Farmers alarmed as NY considers OW extension for their workers | New York News

By MICHAEL HILL, Associated Press

SCHUYLERVILLE, NY (AP) — The thousands of people paid to plant corn, pick apples and milk cows in New York often work long days, six days a week — and only earn overtime after 60 hours of job.

The state is now considering lowering this overtime threshold. New York could eventually join California and Washington state in phasing in a 40-hour overtime rule for farmworkers, a common threshold in other industries.

“We need a better quality of life,” said veteran dairy worker Lazaro Alvarez. He is among those who say change is long overdue for about 55,000 farm workers in New York, many from Mexico, Guatemala and other countries outside the United States.

But the prospect worries farmers. They warn that the extra costs would wipe out marginal farms, hamper others and actually reduce workers’ incomes if farmers cap hours to manage expenses.

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“While the industry as a whole may survive, many individual farms will not,” Chris Laughton of Farm Credit East, a lender to the North East’s agricultural industry, said this month.

At Welcome Stock Farm near Saratoga Springs, Bill Peck said overtime after 40 hours for the farm’s 18 full-time employees would cost him up to $12,000 more per month. Dairy farmers like Peck say they can’t just raise prices to reflect the extra expense, since wholesale milk prices are regulated.

“We will not be able to invest in a new tractor. We won’t be able to invest in adding another barn,” Peck said. “That money will only go to payroll, which is good for them in the short term, but in the long term the business can’t survive.”

Farmers who grow vegetables and apples say they would be particularly hard hit when additional seasonal labor is needed. They say higher overtime costs will make them less competitive with farms in other states.

Farmworkers in New York were not entitled to overtime pay at all until 2020, when the state changed the law to impose extra pay on workers who exceeded 60 hours a week. The new law also tasked a three-person “wages council” with considering whether to recommend a lower threshold.

On Friday, the council holds its fourth of four hearings this month. He will make recommendations to Governor Kathy Hochul’s commissioner of labor, who may accept, reject or modify them.

The average hourly wage for farm workers in the area last year was $16.16, according to federal figures, though some earn the minimum wage of $13.20.

Alvarez, a 63-year-old man from Mexico City, said working overtime past 40 would reduce stress for workers like him and give them a better quality of life.

“I’ll be able to do checkups at the doctor’s, I’ll be able to buy personal items. I’ll have time for myself,” Alvarez said in Spanish.

The wages commission could recommend temporarily maintaining the 60-hour status quo, which it has done once before.

They could also follow California’s lead and reduce agricultural overtime levels in phases over several years. Large farms in California had to start providing overtime after 40 hours starting this year. Farms with 25 or fewer employees will hit the 40-hour mark in 2025.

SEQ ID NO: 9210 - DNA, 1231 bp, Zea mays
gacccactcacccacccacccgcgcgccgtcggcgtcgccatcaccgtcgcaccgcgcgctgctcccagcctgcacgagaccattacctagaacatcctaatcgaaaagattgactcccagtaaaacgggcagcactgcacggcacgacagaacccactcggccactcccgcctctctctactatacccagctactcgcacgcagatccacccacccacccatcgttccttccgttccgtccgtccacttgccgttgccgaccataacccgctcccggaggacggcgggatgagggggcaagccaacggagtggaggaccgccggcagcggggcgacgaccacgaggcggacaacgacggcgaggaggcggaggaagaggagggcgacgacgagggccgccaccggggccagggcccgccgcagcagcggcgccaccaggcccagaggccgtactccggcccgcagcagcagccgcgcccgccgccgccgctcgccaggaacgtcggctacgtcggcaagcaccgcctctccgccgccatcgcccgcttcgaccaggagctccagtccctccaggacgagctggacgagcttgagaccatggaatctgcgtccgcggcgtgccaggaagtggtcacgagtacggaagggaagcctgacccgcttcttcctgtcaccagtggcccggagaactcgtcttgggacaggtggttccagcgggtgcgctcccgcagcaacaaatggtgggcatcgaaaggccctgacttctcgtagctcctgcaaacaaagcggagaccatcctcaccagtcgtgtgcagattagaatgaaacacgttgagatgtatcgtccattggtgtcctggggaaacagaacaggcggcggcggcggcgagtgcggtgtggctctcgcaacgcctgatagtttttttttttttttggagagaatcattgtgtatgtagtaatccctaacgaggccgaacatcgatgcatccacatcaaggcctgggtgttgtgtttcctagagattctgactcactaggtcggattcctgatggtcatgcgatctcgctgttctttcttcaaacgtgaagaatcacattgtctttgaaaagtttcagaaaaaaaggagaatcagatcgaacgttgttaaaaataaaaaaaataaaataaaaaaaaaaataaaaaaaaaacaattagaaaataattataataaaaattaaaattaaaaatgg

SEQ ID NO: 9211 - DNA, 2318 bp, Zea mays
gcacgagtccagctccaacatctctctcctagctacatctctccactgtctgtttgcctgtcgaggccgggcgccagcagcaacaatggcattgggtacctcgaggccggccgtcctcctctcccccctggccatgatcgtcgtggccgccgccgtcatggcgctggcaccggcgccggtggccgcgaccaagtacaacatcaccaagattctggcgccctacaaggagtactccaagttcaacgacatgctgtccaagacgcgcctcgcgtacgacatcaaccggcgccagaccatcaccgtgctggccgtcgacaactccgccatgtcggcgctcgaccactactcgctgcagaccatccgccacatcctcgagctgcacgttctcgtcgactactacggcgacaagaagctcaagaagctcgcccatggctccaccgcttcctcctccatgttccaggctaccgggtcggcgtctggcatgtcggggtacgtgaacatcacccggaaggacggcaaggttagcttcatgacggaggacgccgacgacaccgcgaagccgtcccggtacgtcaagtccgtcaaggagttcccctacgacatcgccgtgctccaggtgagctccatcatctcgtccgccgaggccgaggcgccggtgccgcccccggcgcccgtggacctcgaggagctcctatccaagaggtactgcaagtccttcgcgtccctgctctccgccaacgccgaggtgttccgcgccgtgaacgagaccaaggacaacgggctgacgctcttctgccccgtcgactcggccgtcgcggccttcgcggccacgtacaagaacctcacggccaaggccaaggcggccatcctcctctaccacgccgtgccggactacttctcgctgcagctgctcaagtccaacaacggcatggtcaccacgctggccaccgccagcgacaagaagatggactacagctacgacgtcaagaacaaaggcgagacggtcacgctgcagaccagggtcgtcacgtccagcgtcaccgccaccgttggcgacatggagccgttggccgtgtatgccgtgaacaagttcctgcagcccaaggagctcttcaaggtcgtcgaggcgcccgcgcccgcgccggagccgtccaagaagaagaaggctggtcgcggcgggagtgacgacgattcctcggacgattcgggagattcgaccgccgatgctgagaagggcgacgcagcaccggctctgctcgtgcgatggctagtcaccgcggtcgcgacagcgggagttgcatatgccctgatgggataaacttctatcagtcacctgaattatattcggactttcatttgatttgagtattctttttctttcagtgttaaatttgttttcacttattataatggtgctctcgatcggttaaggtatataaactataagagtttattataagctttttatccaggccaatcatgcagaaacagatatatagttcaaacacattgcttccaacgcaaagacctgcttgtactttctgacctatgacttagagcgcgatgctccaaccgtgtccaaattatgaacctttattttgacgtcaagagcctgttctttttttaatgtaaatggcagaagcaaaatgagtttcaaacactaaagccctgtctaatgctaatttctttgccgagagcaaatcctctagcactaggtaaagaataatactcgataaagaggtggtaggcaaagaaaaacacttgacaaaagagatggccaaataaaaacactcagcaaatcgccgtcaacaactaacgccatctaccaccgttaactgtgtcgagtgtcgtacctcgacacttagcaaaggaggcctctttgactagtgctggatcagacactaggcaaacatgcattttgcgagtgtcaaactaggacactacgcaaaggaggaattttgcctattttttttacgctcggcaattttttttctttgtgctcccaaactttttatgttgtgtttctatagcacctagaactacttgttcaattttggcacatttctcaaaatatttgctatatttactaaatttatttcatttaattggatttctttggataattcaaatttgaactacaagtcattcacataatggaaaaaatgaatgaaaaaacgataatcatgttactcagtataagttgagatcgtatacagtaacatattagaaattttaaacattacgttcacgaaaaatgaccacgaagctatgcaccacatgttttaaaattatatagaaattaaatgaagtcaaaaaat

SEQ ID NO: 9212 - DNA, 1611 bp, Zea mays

Washington state approved a law last year providing overtime pay for agricultural workers.

Several other states offer some agricultural workers overtime, with limitations and exceptions. Trent Taylor, an attorney with advocacy group Farmworker Justice, said more states are considering the proposals as the nation grapples more with labor and race issues.

“We’re gaining momentum,” Taylor said.

Nationally, agricultural workers were excluded from the overtime provisions of the historic Fair Labor Standards Act of 1938. At the time, the United States was only 73 years away from banning slavery. Supporters say continuing to exclude them perpetuates an injustice against a profession long dominated by people of color.

“This exclusion of agricultural workers is the very definition of what we call structural racism. It was a policy rooted in racism 85 years ago and it has become so entrenched in the system that people don’t even notice it anymore,” said Lisa Zucker, an attorney at the New York Civil Liberties Union.

Farmers argue that this well-intentioned policy would not be in the interest of the many migrant workers who come north during harvest seasons to earn as much money as possible, often only to send them home. This is because they might be forced to limit hours to mitigate overtime expenses.

“The hours will go down and there will be less take home pay for people,” said Mark Russell of Two of Clubs Orchard in western New York. He said farmers were worried about losing workers to other states.

Several farmworkers made similar arguments during their testimony this month.

While hiring more workers is a common strategy to cut overtime costs, farmers say the labor market is tight and hiring workers would force farmers to invest in more housing. Farms regularly provide free housing to workers.

Worker advocates reject the farmers’ dire predictions, noting that other industries have adapted to overtime and New York farms have already adapted to higher minimum wages and 60 hours of overtime.

“If there’s a lesson to be learned from this pandemic, it’s that those who compromise their health, safety and well-being to keep our essential industries running deserve dignity and respect,” Emma Kreyche of The Worker recently testified. Justice Center.

Associated Press writer Claudia Torrens contributed from New York.

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